Effect of Jet Streams on the Indian Climate
- During the winter, the western cyclonic disturbances, which originate over the Mediterranean Sea, are brought by the westerly jetstream and invade the Indian subcontinent from the west and northwest.
- An increase in the average nighttime temperature generally signals an impending approach to these cyclone disturbances.
- Over peninsular India, roughly over 14°N, an easterly jet stream known as the sub-tropical easterly jet stream blows during the summer.
- Tropical cyclones, a product of the easterly flow, develop throughout the monsoon season and October and November.
- The coastal areas of the nation are affected by these disturbances.
- The northeast monsoon, or the winter monsoon, is related to the subtropical westerly Jet Stream.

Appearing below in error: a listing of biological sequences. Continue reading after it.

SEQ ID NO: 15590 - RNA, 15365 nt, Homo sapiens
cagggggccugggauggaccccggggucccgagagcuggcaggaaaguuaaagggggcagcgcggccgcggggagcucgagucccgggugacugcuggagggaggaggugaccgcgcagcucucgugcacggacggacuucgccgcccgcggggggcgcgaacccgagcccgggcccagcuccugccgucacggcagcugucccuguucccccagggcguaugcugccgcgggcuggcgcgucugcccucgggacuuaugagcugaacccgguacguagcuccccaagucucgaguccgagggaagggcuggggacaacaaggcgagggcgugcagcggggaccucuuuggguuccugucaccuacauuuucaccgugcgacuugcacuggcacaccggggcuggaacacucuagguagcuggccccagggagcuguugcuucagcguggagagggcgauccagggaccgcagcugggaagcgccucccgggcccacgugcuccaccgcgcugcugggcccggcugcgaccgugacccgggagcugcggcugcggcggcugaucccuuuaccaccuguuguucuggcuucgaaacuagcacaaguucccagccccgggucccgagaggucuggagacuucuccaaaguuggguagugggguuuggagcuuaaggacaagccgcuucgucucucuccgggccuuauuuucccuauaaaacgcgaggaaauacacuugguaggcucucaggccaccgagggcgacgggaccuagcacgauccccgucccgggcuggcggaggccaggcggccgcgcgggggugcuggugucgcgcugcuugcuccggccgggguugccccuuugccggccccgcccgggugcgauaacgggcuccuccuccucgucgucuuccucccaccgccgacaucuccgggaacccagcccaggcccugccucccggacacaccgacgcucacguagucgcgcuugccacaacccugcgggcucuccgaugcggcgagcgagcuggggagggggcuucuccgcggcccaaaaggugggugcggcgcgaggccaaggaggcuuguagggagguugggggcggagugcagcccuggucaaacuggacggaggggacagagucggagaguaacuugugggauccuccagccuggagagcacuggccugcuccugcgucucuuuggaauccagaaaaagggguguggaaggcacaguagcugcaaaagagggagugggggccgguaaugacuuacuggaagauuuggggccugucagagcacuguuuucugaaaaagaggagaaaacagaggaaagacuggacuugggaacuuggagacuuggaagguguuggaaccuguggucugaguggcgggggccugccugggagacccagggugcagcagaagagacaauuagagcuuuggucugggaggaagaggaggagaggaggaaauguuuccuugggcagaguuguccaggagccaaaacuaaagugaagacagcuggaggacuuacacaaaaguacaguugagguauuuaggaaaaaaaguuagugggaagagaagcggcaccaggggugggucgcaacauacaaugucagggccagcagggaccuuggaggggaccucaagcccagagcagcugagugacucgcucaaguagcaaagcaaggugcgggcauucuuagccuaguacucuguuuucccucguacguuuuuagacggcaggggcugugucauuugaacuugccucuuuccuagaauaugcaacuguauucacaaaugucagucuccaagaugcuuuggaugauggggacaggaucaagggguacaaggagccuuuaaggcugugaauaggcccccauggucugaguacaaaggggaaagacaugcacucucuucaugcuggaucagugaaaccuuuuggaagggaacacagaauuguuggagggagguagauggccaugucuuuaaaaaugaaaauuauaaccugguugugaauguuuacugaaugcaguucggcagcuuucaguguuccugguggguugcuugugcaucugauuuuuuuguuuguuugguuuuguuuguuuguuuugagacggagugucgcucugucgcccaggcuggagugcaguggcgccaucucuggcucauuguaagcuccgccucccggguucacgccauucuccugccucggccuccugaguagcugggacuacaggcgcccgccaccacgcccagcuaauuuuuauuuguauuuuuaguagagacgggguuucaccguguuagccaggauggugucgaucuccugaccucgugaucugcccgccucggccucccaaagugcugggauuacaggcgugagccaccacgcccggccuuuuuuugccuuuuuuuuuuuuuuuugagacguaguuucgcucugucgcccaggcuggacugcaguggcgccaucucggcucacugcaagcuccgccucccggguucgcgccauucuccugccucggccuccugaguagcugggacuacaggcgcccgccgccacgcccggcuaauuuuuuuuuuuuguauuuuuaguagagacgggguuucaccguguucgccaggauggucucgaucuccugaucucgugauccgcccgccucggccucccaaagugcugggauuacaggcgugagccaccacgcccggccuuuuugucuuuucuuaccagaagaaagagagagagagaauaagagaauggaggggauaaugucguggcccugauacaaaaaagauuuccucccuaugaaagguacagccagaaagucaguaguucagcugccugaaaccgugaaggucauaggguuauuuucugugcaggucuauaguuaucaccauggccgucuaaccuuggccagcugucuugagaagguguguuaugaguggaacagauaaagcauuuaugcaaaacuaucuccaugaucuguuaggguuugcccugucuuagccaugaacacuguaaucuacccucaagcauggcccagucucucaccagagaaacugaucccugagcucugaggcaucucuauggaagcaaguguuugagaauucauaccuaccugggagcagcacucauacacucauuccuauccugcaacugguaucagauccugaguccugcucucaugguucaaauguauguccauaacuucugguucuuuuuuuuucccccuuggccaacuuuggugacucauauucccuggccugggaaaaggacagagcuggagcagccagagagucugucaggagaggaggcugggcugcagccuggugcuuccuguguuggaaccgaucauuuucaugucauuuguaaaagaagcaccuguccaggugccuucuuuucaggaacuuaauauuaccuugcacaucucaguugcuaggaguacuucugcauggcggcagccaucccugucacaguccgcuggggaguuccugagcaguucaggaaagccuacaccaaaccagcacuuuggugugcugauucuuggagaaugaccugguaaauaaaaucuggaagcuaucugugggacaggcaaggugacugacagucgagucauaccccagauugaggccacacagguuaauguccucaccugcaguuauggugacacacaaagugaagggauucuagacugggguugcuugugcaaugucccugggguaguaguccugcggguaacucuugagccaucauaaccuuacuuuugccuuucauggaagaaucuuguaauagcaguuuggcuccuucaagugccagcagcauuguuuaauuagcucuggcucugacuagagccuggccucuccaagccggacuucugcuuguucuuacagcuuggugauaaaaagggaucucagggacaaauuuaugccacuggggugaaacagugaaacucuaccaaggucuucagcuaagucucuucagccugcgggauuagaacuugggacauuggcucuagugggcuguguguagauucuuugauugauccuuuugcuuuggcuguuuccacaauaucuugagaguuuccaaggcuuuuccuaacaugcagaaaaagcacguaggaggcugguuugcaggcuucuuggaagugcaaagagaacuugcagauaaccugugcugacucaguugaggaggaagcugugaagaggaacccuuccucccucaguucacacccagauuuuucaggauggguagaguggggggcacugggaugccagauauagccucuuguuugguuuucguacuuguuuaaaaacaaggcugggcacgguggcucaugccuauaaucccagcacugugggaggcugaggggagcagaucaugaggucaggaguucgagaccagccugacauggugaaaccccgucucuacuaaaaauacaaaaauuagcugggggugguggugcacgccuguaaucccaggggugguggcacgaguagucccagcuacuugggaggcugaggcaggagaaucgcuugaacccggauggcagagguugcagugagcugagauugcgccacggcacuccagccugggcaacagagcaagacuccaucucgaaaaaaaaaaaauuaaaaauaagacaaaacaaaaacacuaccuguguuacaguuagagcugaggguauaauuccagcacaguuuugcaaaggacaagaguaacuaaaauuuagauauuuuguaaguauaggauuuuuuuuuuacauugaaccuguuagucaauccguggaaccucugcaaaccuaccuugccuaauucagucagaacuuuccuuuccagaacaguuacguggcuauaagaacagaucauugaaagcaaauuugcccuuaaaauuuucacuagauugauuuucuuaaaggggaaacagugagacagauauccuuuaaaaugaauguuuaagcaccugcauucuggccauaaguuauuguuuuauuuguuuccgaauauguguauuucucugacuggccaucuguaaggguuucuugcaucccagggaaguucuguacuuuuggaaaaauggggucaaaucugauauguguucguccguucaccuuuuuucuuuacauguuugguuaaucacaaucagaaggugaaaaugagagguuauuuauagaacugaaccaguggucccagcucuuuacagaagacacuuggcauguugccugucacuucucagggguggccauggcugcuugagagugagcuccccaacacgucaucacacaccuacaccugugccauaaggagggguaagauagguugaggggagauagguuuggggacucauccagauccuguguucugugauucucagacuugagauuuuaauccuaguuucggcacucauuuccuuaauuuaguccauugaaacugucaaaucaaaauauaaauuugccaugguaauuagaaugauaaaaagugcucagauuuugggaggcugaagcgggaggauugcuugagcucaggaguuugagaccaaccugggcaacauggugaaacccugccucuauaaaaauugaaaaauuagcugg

- A cold wind pushes downwind to the surface, thereby creating high pressure on the surface.
- Then the dry winds from this high-pressure area in the northwestern part of India start blowing towards the low-pressure area or the Bay of Bengal.
- These winds are also responsible for the cold waves flowing in winter in the northern part of the country, including UP and Bihar.
How do jet streams affect the Indian climate?
The jetstream affects the Indian climate by increasing the average nighttime temperature signals, an impending approach to cyclone disturbances.